August 8, 2006
TEC Turn on Lights for Electrical Contractor
The light came on when Collins realized he was working 95% in the business and only 5% on it.
David Collins was in big trouble when he joined TEC. His company, Davco Electrical Contractors Corp. in Lake Worth, was on the verge of bankruptcy and deeply in debt to its biggest supplier, Ken Mooney at K & M Electric Supply – a TEC member at the time. “I’m not sure what Ken saw in me, but he gave me a short-term no interest loan and asked me to join TEC in return.”
Being part of TEC helped Collins turn around Davco, which has grown from 30 employees and $4 million in annual revenue in 1998 to 190 employees and $20 million today.
Working on the Business
The light came on for Collins when TEC Chair Jaynie Smith first interviewed him. “She asked me how much time I spent working in the business vs. on the business.” His answer – about 95% in the business but only 5% on it – made it clear that his priorities needed to change.
His TEC group also helped him meet the challenges of financing Davco’s growth. “The key to success in this business is managing finances based on requirements for bonding, which are different from almost any other business.” Had the company he worked for before founding Davco been a TEC member, he’d probably still be employed there, Collins adds. “This company is a mirror image of my previous employer — except they didn’t understand money management and ultimately that put them out of business.”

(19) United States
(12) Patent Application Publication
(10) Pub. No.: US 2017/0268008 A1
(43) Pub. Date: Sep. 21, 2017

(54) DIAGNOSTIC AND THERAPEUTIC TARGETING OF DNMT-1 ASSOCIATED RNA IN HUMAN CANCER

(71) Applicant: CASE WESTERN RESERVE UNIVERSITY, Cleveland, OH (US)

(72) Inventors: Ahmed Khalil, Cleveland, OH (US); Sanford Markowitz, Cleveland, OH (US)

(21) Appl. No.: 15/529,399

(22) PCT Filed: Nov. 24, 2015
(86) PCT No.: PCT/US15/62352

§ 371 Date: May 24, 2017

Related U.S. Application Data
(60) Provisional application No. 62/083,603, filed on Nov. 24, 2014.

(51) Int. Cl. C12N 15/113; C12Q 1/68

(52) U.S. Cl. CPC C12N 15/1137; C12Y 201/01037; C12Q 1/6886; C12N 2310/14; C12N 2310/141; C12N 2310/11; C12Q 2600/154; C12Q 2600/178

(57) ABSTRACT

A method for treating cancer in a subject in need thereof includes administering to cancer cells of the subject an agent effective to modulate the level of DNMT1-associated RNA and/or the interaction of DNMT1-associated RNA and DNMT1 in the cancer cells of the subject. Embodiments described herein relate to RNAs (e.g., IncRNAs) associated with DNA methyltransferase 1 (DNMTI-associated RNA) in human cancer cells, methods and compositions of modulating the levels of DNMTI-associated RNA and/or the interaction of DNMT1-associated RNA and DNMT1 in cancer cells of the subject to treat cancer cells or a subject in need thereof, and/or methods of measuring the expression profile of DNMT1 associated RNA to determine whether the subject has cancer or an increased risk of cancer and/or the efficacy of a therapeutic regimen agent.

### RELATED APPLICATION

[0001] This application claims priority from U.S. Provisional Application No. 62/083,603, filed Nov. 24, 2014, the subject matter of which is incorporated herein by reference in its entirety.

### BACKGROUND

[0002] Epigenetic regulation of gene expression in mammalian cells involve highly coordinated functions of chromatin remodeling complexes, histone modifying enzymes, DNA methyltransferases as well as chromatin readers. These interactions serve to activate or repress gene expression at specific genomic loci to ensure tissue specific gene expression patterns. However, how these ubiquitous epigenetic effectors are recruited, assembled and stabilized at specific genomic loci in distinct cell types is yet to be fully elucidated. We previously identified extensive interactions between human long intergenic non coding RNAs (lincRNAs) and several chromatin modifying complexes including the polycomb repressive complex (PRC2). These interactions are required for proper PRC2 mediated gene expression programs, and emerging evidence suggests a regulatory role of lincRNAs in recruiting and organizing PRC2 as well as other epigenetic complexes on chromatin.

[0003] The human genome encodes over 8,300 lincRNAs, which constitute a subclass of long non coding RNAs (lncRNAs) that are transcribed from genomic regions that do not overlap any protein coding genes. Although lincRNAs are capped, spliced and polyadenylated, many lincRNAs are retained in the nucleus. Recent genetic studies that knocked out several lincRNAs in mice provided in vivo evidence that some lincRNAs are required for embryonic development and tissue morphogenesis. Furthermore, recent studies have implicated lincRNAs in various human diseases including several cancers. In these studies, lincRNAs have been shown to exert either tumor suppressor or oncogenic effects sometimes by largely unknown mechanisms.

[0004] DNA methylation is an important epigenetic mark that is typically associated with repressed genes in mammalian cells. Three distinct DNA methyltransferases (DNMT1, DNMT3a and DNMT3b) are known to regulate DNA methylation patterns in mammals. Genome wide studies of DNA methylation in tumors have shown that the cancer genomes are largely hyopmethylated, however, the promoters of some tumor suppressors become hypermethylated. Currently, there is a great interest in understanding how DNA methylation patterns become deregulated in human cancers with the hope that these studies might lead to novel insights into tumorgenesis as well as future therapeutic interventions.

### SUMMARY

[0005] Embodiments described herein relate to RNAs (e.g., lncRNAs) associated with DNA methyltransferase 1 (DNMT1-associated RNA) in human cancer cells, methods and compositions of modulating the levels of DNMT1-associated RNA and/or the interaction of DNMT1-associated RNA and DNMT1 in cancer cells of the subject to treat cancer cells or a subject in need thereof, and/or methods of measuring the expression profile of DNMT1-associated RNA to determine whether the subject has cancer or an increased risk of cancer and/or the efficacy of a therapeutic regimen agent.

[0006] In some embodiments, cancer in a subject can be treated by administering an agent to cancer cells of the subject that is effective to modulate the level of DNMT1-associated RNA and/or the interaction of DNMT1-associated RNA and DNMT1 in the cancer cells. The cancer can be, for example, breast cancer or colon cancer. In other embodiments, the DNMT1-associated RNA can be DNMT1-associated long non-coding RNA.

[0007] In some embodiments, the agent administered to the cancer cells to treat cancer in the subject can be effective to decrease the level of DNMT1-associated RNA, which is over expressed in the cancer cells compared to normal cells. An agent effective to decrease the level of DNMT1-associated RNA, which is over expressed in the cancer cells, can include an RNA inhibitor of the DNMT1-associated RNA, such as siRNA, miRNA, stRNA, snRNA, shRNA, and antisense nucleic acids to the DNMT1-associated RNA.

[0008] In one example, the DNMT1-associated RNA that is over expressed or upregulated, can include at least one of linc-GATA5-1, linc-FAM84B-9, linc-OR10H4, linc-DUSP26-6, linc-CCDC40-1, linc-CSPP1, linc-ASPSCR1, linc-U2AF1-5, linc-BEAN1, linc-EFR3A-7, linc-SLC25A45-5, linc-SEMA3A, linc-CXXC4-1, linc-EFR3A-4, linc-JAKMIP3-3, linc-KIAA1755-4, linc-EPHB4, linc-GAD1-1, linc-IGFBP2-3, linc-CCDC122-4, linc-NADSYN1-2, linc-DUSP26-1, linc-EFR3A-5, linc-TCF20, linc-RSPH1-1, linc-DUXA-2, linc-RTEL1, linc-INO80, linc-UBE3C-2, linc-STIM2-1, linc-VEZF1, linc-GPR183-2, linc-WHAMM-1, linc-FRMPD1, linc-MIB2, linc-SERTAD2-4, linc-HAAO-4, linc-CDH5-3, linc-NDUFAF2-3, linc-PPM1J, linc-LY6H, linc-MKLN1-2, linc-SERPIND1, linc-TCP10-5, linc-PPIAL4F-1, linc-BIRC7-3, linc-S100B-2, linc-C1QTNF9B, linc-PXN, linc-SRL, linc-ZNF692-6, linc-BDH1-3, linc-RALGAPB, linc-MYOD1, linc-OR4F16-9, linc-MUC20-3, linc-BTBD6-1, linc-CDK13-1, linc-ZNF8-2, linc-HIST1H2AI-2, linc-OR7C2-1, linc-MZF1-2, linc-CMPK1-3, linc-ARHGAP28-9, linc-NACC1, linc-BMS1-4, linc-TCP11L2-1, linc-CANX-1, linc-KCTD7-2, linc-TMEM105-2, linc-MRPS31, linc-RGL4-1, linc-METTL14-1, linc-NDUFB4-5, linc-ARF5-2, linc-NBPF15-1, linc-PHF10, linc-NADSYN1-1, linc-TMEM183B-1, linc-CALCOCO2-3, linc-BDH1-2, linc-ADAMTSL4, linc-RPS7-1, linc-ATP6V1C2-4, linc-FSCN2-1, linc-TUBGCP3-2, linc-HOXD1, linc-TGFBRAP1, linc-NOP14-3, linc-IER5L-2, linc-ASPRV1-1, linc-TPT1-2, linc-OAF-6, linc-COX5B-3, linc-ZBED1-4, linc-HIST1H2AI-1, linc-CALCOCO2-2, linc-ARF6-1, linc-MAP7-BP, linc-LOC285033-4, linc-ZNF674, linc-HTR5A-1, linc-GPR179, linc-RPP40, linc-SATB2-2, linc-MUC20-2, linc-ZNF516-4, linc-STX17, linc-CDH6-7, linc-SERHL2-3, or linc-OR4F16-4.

Groups Open New World
Joining TEC wasn’t the first time Collins benefited from being part of a group. He’s also a graduate of the Florida Ocean Science Institute (FOSI), an organization for troubled youth in Broward County. “They exposed me to a different world, and showed me there was hope – that I didn’t have to live the way I grew up.” TEC introduced Collins to a different world as well, he said. “There are absolutely brilliant people in my group who can look at a financial statement and tell you everything about the company in 30 seconds – but they’re not necessarily hands-on people.
“Others are like me, and we’re comfortable with bricks and mortar and other tangible things. What we end up with is a group of sophisticated scholars working with hands-on guys – they bring the formal education and we bring street smarts to the group – so we all benefit.”
TEC, since 1957, is dedicated to increasing the effectiveness and enhancing the lives of chief executives. There are more than 11,000 members worldwide and 700 in Florida. These members meet monthly in small groups of 12 to 17 to give and receive business advice, share experiences and hear from outside experts. To learn more about TEC, call Leadership Centers USA® at 904-636-0770 or visit www.teconline.com.
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